Isaiah Thomas plans to fly home to Tacoma, Wash., after Friday’s Game 6 between his Boston Celtics and the Chicago Bulls to attend funeral services for his younger sister, Chyna, who died in a tragic car crash on April 15.
After the Celtics and Bulls play Game 6 at the United Center on Friday night, Thomas is scheduled to fly to Tacoma to attend his sister’s funeral at noon on Saturday. If the Celtics win Game 6, this series will be over. But if Chicago wins, Game 7 will be played in Boston at 1 p.m. on Sunday.
This will be Thomas’s second trip home since his sister’s death. He traveled there for two days after Game 2 so he could grieve with family and friends. Celtics coach Brad Stevens said on Thursday he has once again told Thomas he should stay home in Tacoma for as long as he needs.
“The support has been amazing,” Thomas’s close friend, Alonzo Weatherby, said by phone on Thursday. “It’s meant the world for Brad to tell Isaiah he has as much time as he wants. Basically, don’t come back until you’re ready to. This is family before anything, and that means the world.”
Chyna J. Thomas, 22, died in a one-car crash on Interstate 5 in Tacoma, Wash., at around 5 a.m. on Saturday morning. According to the Washington State Patrol, she was not wearing a seatbelt, and she died at the scene of the crash.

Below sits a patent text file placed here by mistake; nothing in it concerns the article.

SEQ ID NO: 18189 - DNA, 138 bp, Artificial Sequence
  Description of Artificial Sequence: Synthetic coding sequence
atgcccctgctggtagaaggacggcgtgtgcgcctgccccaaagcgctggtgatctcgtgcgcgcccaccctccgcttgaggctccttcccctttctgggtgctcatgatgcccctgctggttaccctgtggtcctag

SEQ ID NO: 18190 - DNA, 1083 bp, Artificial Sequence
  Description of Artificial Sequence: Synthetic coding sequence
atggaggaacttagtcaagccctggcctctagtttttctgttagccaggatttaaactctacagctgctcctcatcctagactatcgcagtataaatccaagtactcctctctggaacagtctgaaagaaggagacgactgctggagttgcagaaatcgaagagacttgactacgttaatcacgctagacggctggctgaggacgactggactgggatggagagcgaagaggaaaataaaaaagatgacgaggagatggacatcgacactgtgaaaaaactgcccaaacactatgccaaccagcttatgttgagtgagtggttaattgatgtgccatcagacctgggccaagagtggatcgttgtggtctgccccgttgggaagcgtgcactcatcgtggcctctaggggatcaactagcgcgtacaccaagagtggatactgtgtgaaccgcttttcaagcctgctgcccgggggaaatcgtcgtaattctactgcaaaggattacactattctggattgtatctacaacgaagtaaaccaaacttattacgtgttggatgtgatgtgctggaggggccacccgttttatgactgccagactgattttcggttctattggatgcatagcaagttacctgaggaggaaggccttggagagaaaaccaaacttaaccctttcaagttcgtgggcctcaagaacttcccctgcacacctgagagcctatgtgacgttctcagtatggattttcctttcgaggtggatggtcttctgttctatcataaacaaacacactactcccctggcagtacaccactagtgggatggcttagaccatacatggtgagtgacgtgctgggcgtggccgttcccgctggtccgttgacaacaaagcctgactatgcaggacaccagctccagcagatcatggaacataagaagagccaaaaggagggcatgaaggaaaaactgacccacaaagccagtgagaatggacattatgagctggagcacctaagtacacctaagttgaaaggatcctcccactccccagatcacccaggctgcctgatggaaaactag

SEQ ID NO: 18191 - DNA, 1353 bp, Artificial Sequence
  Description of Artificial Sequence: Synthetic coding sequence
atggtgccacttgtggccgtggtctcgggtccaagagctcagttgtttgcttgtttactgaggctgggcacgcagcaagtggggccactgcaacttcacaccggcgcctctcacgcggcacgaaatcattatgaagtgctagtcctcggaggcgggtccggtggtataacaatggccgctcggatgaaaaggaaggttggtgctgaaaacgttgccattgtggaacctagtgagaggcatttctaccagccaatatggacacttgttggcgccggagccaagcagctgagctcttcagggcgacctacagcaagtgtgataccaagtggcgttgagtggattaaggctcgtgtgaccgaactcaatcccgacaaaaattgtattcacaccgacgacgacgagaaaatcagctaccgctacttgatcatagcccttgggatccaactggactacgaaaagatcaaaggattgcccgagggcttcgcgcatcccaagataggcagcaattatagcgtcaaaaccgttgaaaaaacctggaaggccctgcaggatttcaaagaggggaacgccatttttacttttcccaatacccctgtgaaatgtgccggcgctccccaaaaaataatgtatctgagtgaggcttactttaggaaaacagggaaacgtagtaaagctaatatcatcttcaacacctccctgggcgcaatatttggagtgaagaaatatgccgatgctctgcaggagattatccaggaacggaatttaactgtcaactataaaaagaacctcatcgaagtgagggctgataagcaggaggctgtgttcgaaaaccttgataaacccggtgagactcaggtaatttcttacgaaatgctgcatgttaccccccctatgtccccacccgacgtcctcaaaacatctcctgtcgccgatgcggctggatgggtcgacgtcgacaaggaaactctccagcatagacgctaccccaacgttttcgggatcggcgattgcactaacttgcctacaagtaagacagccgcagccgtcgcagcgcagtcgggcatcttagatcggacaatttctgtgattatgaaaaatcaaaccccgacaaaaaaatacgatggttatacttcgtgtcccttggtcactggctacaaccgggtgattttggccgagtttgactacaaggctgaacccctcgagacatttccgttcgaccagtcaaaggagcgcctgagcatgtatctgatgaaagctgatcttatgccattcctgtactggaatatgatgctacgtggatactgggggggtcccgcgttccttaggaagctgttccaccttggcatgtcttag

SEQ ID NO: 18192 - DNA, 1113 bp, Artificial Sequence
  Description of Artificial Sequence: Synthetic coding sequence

After some deliberation, Thomas elected to play in Game 1 of the Celtics’ opening-round series with the Bulls. He flew back to Tacoma after Game 2 to be with his family and see to arrangements before returning to the Celtics before Game 3 in Chicago.
Despite playing through unthinkable grief, Thomas has starred during this series, averaging a team-high 25.2 points, 5.6 assists and 4.2 rebounds per game, helping Boston come back from an 0-2 deficit to take a 3-2 lead in the best-of-seven series.
“Man, I’m just taking it day by day,” Thomas said Tuesday, according to Chris Forsberg of ESPN. “Some days are better than others. I’m not here, man. It’s never going to be the same.”
For now, at least, Thomas has found some semblance of solace on the court.
“Being here, I guess, is what makes me sane,” he said, according to The Associated Press. “It makes me feel somewhat normal through this tough time.”
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